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Fearless Kiwis shatter semis jinx

Fearless Kiwis shatter semis jinx
New Zealand scripted history by making their maiden Cup final appearance with a stunning four-wicket win in a nerve-wrecking last-four clash against the formidable South Africa, finally shedding the tag of perennial under-achievers in the mega event.

Chasing a stiff 298 in 43 overs under the Duckworth/Lewis rule in the rain-curtailed game, New Zealand crossed the line when Grant Elliot (84) smashed Dale Steyn over long-on for a six with just one ball to spare in a thrilling showdown. Needing 12 to win off six balls, Vettori found the fence to bring the equation down to five from two balls, before Elliot hit the winning runs as the Eden Park broke into wild celebrations.

The result meant the perennial choker’s tag would continue to haunt South Africa and they would once again look for soul searching. Since the inaugural edition in 1975, New Zealand have reached the semifinals of the showpiece event six times, but failed to clear the penultimate hurdle on all the occasions. However, they looked determined to script history today and despite being set a daunting target, the Kiwis never gave up and were spurred on by a vociferous home crowd.

Earlier, David Miller had blazed his way to a 18-ball 49 as the Proteas set a difficult target. Opting to bat, South Africa notched up 281 for five, but the target was revised under the Duckworth/Lewis method after seven overs each were deducted per side following a two-hour rain interruption.

Skipper AB de Villiers made an unbeaten 65 off 45 balls, while Faf du Plessis top-scored with a 107-ball 82, but it was Miller’s innings that gave Proteas the much-needed impetuous towards the end.In reply, the New Zealanders were off to a flying start with skipper Brendon McCullum going hammer and tongs at the South African pacers, especially Steyn. Such was his onslaught against Steyn that the South African pace spearhead was clobbered for 25 runs as New Zealand raced to 71 for no loss in five overs.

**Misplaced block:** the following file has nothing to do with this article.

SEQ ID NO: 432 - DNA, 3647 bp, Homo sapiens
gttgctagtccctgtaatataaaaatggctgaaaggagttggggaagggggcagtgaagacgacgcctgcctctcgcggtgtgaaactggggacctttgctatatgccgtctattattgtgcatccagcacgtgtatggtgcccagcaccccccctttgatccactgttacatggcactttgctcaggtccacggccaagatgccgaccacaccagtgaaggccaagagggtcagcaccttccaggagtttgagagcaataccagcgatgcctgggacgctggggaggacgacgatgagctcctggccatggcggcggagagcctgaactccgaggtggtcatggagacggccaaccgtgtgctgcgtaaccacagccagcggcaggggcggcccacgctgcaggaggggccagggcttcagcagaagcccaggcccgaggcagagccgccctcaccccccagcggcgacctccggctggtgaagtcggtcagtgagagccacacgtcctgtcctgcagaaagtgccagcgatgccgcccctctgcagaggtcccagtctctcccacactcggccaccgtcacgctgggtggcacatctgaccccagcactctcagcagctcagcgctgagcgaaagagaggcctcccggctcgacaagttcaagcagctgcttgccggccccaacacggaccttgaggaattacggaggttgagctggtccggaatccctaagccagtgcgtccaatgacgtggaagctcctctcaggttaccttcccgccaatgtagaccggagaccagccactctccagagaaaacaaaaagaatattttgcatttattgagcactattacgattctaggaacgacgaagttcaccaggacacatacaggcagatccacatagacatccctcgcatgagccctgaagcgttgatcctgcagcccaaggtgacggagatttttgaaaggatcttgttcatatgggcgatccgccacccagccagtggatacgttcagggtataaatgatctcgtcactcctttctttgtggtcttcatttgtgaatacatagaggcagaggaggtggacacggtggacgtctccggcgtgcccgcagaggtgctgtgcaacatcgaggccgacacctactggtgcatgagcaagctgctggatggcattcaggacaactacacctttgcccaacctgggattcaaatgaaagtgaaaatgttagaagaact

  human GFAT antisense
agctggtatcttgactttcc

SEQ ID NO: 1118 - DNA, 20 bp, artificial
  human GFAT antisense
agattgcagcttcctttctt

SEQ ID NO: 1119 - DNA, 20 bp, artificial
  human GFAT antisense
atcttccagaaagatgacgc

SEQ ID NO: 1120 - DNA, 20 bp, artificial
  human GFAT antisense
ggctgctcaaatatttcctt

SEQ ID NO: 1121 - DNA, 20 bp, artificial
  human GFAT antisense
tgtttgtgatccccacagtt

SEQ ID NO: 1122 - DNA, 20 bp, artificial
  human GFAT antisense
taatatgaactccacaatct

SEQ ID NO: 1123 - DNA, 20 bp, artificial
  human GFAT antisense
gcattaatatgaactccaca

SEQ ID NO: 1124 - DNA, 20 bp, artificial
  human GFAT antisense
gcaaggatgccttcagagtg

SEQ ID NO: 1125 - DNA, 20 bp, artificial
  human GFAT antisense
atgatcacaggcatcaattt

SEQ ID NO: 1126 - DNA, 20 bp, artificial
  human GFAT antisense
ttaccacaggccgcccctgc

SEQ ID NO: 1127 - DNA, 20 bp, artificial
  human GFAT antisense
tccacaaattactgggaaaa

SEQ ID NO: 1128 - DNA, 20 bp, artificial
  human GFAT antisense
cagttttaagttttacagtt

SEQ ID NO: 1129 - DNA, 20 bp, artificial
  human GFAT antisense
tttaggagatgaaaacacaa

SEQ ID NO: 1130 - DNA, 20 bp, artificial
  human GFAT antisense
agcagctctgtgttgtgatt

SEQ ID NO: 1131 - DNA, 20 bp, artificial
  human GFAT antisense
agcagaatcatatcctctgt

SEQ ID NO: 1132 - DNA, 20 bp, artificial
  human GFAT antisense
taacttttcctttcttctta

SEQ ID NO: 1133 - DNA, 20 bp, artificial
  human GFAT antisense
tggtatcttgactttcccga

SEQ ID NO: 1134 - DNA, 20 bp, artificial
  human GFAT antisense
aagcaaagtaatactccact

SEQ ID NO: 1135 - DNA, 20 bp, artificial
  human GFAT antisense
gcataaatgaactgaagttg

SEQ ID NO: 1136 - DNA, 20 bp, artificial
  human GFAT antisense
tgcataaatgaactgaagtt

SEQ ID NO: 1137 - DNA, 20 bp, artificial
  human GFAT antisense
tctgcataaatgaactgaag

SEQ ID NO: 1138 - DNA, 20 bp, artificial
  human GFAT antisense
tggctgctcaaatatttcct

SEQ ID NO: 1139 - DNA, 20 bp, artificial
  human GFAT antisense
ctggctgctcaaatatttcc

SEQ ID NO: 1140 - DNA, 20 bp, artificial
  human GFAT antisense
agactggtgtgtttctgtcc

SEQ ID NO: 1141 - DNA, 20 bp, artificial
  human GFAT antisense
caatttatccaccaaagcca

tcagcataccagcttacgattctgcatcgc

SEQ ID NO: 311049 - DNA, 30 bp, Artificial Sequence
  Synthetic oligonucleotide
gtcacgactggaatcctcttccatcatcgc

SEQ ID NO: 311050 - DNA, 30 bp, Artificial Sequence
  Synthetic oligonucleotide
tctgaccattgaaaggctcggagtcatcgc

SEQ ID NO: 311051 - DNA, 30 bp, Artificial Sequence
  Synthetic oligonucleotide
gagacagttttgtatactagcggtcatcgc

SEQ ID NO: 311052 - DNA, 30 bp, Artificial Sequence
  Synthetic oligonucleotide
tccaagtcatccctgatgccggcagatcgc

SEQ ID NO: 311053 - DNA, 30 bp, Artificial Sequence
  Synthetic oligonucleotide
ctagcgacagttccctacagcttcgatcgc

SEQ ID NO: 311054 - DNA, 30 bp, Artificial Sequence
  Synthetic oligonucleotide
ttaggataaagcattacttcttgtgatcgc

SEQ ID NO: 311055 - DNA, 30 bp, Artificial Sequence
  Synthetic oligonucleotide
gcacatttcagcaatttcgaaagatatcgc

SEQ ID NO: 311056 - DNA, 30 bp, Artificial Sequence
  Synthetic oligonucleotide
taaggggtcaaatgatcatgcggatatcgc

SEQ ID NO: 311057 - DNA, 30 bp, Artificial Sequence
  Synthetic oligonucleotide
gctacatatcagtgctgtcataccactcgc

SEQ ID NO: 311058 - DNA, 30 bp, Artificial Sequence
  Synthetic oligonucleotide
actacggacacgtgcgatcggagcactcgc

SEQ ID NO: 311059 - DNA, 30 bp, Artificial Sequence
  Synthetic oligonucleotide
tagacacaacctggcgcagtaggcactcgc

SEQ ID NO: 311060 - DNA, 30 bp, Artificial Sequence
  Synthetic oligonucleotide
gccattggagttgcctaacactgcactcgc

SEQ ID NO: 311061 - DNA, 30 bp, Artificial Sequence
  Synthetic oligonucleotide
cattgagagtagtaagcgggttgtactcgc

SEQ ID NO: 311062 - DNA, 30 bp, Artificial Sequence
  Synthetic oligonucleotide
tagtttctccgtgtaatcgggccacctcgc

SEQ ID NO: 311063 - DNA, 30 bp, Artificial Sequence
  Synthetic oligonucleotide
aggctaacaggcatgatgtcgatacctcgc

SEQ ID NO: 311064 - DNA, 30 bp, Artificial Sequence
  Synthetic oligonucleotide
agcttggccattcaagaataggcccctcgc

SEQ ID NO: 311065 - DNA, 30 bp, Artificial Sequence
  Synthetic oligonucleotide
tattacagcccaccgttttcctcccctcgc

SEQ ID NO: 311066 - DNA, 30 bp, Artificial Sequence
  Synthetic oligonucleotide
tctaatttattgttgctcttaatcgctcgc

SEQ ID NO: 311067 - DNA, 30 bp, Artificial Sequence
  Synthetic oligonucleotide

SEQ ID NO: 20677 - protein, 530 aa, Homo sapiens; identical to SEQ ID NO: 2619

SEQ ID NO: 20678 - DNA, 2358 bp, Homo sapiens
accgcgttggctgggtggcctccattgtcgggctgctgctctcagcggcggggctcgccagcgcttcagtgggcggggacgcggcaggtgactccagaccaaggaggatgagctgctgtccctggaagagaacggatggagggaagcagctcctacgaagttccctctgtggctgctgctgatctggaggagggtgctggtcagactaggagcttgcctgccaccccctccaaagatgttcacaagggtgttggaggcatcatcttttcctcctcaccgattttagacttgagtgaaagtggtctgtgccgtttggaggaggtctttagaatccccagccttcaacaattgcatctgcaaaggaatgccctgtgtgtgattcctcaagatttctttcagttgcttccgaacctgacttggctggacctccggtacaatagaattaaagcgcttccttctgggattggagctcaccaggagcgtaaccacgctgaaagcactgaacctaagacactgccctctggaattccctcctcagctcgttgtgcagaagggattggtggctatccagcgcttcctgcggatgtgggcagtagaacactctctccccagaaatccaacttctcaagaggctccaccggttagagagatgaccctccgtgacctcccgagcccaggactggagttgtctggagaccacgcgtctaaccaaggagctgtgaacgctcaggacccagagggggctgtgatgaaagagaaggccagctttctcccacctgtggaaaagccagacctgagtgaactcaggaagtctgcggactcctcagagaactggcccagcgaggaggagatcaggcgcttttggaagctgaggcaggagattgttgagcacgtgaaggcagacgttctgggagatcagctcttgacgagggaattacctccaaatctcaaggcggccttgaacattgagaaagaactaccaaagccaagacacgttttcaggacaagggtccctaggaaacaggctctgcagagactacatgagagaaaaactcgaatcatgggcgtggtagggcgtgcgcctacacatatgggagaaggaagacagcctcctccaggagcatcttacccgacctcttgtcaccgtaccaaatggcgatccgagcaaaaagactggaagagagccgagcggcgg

McCullum’s two sixes and three fours against Steyn was followed by a maiden over by Imran Tahir, and it worked in the Proteas’ favour as the pressure created by the leg-spinner saw McCullum throwing away his wicket. His manic fifty contained eight boundaries and four sixes. The belligerent 26-ball 59 set the tone for what turned out to be a historic chase. Elliott and Corey Anderson (58) played smartly, mixing caution with aggression, and it was their 103-run partnership for the fifth wicket that kept the Black Caps in the game after McCullum’s dismissal.

By the time Anderson was the fifth man out, New Zealand needed 46 runs from 30 balls, standing a very good chance of crossing the line. Elliott ensured he finished the task by staying till the very end. Elliott hit seven fours and three sixes in his unbeaten 73-ball knock, while Anderson found the fence six times and cleared it twice in his 57-ball innings.

Greatest time of our lives: McCullum

A sensational win over South Africa in the heart-stopping semifinal has given New Zealand its maiden entry into the World Cup final, a moment which victorious captain Brendon McCullum described as the ‘greatest time’ of their lives. “South Africa gave as good as they got all day. It was a great advertisement for cricket. Everybody involved will remember this for the rest of their lives....(It is) the greatest time of our lives. We have enjoyed the experience.

The crowds that have turned, the brand of cricket we have tried to play,” McCullum said after the win at the Eden Park. But contrary to the result, South Africa were cruising at one stage when AB De Villiers was on song after opting to bat but rain halted their progress. Asked what he was thinking at that time, the Kiwi skipper said, “Keep raining is what I thought when AB was going. The way we kept giving it in the field, the way we bowled, we did good. Even with the bat. We wanted to hang in till the end. What a great innings from Grant (Elliott). He came out of wilderness not long ago.”

On his blistering knock (59 off 26) that set up the chase, the skipper said, “We had to generate some sort of run-rate early that is what we tried to go. Credit to South Africa the way they played tonight and throughout the tournament.”
PTI

PTI

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